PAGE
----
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Publication numberUS8738152 B2
Publication typeGrant
Application numberUS 13/724,788
Publication date27 May 2014
Filing date21 Dec 2012
Priority date31 Aug 2006
Also published asUS7917229, US8364282, US8923989, US20080057784, US20110112616, US20130116766, US20140221809
Publication number13724788, 724788, US 8738152 B2, US 8738152B2, US-B2-8738152, US8738152 B2, US8738152B2
InventorsPaul E. Zarembo, Elliott Rodriguez Roman
Original AssigneeCardiac Pacemakers, Inc.
Export CitationBiBTeX, EndNote, RefMan
External Links: USPTO, USPTO Assignment, Espacenet
Lead assembly including a polymer interconnect and methods related thereto
US 8738152 B2
Abstract
A lead assembly includes a ring component having mechanical coupling features, and at least one polymer component mechanically coupled with the mechanical coupling features of the ring component. Elongate tubing is disposed over the polymer component and is secured with the polymer component.
Images(9)
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Claims(13)
What is claimed is:
1. A lead assembly comprising:
a lead body extending from a proximal end portion to a distal end portion, the distal end portion comprising an interconnect including a polymer component mechanically coupled to a ring component having an outer surface, wherein a portion of an inner surface of the polymer component is disposed over and in contact with the outer surface of the ring component at an interface and at least a portion of the outer surface of the ring component at the interface includes a mechanical coupling feature adapted to inhibit the rotation of the polymer component about the ring component;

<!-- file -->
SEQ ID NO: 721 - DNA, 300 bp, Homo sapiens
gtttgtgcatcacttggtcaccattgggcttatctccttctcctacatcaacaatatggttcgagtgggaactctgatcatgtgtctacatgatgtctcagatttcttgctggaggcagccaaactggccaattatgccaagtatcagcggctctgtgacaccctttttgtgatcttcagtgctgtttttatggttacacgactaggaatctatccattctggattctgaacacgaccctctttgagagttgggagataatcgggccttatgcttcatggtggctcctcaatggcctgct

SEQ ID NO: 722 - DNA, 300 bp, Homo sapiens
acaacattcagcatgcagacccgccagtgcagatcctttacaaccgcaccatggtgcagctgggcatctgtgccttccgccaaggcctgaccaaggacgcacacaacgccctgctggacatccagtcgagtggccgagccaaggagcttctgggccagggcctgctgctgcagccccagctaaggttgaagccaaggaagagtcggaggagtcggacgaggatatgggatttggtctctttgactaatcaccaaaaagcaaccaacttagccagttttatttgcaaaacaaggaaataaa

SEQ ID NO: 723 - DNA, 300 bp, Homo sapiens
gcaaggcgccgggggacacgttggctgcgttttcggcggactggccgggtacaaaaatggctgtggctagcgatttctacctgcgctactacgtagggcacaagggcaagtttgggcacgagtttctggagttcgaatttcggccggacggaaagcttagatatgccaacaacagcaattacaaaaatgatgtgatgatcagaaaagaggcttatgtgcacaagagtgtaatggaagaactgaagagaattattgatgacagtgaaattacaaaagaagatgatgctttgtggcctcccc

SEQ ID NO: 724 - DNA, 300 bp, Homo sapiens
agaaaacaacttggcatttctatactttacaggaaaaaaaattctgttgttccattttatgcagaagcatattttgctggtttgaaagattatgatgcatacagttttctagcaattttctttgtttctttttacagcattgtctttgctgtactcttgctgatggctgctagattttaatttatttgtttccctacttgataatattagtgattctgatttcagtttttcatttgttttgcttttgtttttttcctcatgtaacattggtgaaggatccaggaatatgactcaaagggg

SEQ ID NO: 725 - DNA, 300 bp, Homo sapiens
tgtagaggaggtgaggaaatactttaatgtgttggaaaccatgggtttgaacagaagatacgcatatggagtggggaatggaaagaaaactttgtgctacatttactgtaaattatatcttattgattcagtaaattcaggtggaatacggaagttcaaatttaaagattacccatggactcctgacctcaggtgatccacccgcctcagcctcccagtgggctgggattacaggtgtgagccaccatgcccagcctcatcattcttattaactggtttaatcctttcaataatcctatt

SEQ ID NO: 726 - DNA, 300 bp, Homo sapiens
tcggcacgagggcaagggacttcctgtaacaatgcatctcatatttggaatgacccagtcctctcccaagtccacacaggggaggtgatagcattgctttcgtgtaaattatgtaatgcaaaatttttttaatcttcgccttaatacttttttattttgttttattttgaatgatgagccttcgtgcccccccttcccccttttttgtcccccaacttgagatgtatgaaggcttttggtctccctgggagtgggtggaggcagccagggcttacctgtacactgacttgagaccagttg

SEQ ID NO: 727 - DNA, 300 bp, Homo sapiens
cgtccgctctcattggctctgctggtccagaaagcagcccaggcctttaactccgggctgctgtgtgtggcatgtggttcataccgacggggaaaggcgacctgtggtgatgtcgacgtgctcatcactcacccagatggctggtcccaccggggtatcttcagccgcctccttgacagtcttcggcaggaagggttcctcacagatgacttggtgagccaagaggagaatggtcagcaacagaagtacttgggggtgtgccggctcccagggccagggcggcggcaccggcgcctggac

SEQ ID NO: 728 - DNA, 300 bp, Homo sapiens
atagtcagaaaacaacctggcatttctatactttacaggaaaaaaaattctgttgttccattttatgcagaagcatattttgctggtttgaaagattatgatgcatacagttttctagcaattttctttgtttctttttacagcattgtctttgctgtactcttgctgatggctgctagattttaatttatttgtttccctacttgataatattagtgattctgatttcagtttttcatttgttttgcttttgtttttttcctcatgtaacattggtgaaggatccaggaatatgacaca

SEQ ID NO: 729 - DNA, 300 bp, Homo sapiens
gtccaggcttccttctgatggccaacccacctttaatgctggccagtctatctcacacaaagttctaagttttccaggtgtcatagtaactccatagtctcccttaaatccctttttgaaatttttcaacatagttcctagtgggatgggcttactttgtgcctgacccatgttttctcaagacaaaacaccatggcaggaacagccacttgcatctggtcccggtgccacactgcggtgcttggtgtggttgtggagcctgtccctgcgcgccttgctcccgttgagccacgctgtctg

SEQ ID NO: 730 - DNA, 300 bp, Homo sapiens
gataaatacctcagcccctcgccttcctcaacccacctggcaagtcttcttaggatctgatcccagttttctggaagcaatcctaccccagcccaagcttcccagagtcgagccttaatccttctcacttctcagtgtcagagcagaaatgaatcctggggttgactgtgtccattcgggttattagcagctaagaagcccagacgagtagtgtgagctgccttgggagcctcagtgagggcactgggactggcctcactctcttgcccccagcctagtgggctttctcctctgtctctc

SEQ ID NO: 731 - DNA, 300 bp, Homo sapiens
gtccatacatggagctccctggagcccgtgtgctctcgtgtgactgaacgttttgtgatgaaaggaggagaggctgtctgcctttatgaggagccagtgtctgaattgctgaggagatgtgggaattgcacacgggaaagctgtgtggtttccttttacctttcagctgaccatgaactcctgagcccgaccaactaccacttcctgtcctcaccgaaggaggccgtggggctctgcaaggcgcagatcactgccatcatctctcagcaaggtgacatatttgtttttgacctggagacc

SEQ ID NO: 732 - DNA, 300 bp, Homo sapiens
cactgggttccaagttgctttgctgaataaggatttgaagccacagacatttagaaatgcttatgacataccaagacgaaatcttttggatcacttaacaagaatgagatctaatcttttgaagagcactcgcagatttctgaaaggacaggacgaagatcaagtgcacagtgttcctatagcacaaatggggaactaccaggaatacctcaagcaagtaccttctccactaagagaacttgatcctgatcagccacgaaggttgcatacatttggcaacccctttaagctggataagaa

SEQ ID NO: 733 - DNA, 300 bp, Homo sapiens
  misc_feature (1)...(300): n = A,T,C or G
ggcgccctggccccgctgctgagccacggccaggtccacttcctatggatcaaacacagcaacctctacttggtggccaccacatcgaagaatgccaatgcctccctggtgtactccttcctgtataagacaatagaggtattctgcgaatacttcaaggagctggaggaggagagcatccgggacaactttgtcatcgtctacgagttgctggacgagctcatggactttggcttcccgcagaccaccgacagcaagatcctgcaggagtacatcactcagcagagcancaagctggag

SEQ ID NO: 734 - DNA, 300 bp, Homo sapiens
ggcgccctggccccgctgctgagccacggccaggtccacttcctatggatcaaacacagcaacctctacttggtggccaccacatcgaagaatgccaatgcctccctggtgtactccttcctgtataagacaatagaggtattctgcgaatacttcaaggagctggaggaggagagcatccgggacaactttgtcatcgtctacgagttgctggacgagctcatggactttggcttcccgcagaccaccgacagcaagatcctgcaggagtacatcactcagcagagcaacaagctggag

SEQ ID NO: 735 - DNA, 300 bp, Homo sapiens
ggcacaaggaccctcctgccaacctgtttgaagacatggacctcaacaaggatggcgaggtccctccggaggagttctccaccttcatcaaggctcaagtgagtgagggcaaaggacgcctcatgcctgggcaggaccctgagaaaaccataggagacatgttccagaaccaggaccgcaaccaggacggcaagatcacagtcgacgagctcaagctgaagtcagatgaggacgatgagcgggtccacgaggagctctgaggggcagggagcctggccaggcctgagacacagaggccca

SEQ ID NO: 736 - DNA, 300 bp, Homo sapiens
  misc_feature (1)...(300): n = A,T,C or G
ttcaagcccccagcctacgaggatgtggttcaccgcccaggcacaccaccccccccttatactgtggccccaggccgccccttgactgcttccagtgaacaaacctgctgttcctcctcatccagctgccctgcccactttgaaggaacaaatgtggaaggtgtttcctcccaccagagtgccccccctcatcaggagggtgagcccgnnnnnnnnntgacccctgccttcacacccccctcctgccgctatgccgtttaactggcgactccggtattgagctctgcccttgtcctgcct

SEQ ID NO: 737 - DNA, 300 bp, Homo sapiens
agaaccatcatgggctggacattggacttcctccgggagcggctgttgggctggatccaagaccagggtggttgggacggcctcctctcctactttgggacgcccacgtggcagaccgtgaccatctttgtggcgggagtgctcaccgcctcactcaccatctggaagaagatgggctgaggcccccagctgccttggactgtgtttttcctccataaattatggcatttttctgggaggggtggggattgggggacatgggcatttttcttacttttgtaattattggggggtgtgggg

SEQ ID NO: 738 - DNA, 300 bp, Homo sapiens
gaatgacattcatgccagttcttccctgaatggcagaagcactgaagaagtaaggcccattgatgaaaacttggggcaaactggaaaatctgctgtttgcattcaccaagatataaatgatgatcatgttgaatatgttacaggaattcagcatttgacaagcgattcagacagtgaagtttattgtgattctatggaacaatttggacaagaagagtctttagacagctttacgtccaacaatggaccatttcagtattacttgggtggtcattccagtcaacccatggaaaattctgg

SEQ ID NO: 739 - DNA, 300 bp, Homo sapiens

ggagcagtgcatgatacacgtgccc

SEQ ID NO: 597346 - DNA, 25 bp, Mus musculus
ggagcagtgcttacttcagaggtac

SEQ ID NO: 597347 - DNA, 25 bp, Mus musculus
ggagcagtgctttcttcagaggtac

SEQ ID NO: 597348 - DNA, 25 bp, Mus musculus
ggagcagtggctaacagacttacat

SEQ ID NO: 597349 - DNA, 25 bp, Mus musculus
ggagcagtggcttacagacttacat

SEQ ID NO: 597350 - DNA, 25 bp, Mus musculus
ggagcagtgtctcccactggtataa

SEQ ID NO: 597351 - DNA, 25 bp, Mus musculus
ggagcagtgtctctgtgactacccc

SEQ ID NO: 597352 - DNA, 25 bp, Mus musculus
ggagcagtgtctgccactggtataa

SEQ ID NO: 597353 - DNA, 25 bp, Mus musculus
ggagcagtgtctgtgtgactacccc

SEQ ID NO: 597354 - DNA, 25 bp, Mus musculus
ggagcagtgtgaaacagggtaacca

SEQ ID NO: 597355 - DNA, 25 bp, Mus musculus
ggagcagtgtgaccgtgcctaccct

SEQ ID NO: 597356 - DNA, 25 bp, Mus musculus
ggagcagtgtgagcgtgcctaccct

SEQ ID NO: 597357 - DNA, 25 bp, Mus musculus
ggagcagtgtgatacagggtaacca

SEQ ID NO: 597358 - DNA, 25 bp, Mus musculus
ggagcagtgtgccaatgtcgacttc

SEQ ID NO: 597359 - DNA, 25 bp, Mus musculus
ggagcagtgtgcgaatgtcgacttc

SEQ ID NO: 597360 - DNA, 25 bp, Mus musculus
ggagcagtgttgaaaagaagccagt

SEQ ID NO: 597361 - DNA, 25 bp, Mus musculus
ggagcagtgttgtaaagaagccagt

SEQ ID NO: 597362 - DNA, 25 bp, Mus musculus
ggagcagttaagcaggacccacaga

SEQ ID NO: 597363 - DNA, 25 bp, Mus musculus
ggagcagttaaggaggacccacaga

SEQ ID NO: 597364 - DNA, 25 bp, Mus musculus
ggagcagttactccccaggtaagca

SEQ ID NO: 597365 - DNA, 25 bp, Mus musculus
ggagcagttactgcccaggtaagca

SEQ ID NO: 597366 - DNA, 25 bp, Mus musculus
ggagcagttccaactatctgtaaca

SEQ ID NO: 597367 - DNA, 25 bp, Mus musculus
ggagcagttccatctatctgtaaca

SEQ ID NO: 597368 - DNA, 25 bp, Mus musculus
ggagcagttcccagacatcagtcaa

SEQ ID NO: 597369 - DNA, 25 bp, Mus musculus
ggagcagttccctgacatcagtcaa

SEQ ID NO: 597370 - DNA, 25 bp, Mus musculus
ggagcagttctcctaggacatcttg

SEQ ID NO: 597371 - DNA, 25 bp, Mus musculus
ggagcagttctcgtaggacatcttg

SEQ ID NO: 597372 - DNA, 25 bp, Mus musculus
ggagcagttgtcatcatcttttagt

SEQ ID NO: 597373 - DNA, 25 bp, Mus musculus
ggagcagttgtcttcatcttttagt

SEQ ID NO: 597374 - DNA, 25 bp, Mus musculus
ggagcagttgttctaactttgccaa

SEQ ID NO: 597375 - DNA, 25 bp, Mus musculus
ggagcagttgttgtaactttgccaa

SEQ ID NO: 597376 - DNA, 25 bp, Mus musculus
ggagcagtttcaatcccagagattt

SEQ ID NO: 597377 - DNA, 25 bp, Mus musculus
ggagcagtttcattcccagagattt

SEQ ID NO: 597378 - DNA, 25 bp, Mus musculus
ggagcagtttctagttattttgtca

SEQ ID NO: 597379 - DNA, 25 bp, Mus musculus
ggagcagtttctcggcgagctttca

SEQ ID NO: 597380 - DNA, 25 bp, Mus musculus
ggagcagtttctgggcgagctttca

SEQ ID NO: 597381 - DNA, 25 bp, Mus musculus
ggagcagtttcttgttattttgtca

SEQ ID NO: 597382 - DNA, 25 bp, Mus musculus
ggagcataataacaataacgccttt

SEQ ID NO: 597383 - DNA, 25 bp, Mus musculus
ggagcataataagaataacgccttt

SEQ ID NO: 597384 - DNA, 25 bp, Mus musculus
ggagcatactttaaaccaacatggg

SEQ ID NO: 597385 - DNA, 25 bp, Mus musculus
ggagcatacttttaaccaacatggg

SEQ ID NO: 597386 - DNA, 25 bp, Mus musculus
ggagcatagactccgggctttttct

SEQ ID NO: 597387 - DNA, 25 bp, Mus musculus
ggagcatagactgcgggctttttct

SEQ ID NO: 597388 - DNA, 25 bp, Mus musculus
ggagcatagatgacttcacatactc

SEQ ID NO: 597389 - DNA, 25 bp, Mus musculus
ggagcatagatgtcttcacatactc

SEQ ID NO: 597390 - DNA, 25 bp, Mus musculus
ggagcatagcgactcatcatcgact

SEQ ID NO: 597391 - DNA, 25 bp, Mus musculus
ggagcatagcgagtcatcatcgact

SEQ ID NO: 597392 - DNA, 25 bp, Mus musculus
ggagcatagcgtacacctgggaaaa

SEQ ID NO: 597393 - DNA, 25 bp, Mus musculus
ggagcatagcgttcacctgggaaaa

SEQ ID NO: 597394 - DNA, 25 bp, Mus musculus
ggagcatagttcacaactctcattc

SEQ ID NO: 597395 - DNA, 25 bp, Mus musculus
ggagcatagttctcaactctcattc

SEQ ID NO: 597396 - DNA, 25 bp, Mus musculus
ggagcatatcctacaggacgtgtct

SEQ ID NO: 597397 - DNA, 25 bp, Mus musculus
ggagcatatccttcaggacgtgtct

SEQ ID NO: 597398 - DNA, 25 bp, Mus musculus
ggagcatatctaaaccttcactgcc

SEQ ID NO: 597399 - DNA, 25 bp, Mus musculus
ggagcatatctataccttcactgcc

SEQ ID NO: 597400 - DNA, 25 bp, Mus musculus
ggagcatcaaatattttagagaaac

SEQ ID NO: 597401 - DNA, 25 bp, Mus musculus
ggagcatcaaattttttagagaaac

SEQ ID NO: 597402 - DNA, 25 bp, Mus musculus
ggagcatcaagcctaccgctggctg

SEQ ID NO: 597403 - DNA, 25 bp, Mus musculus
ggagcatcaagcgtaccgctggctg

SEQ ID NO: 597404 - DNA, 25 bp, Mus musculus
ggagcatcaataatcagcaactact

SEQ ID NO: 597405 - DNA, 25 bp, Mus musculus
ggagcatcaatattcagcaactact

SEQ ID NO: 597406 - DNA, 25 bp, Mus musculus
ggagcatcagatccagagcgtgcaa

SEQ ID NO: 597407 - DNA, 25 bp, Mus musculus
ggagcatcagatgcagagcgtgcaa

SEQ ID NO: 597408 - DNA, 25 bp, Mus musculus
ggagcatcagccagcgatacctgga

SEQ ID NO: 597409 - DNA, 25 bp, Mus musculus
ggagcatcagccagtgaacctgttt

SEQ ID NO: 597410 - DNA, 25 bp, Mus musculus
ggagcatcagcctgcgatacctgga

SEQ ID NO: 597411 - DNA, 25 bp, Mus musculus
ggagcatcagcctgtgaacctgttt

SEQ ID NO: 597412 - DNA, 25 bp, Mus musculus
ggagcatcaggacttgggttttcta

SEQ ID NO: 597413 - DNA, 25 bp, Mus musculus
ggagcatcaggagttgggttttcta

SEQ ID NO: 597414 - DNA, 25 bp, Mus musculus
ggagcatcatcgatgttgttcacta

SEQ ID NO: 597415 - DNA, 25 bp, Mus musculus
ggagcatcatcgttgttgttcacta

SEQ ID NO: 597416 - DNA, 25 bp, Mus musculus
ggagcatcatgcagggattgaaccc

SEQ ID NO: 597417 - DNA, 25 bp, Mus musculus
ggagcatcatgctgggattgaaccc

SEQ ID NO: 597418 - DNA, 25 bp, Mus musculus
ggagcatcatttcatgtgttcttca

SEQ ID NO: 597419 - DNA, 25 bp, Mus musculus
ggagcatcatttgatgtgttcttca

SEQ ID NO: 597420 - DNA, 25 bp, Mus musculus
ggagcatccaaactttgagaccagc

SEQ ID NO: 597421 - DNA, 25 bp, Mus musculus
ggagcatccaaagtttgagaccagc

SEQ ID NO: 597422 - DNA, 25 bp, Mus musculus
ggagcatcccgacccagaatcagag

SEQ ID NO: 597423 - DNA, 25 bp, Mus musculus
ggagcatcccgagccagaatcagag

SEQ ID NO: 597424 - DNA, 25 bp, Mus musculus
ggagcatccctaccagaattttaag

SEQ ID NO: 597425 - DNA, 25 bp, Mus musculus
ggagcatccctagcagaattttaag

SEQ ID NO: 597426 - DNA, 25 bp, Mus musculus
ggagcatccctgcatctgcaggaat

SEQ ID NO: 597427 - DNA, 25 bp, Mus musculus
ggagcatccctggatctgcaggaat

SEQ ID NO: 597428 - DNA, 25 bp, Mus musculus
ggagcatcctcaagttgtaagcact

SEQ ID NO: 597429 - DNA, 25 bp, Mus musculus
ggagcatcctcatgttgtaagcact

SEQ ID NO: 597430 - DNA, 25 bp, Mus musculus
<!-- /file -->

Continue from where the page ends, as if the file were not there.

at least one conductor extending within the lead body from the proximal end portion in a direction toward the distal end portion; and
at least one electrode operatively coupled to the at least one conductor.
2. The lead assembly according to claim 1, wherein the outer surface of the ring component is a non-smooth, textured outer surface.
3. The lead assembly according to claim 1, wherein the outer surface is a knurled surface at the interface.
4. The lead assembly according to claim 1, wherein the outer surface is a surface having cross-threads at the interface.
5. The lead assembly according to claim 1, wherein the outer surface is a surface having a plurality of grooves at the interface.
6. The lead assembly according to claim 1, wherein the outer surface of the ring component includes a roughened surface.
7. The lead assembly according to claim 1, wherein the ring component includes a recess adapted to receive the polymer component.
8. The lead assembly according to claim 7, wherein the outer surface of the ring component within the recess includes a plurality of apertures.
9. The lead assembly according to claim 7, wherein the outer surface of the ring component within the recess includes a plurality of slots.
10. The lead assembly according to claim 1, wherein the polymer component comprises an elastomeric thermoplastic polymer.
11. The lead assembly according to claim 10, wherein the elastomeric thermoplastic is a polyurethane.
12. The lead assembly according to claim 1, wherein the outer surface of the ring component includes textured portions adapted such that the polymer component is disposed at least partially into the textured portions.
13. The lead assembly according to claim 1, wherein the outer surface of the ring component includes an aperture adapted such that the polymer component is disposed at least partially through the holes.
Description
RELATED APPLICATIONS

This application is a continuation of U.S. application Ser. No. 13/006,156, filed on Jan. 13, 2011, which is a continuation of U.S. patent application Ser. No. 11/468,996, filed on Aug. 31, 2006, now U.S. Pat. No. 7,917,229, which are hereby incorporated herein by reference in their entirety for all purposes.

Additionally, this application is related to U.S. patent application Ser. No. 11/462,479, filed on Aug. 4, 2006, now published as U.S. Publication No. 2008/0046059, entitled “Lead Including A Heat Fused or Formed Lead Body,” assigned to a common assignee, and is hereby incorporated by reference in its entirety for all purposes.

TECHNICAL FIELD

Leads for linking medical devices with selected bodily tissue to be sensed or stimulated by such devices. More particularly, but not by way of limitation, this relates to a lead including a polymer interconnect and methods related thereto.

BACKGROUND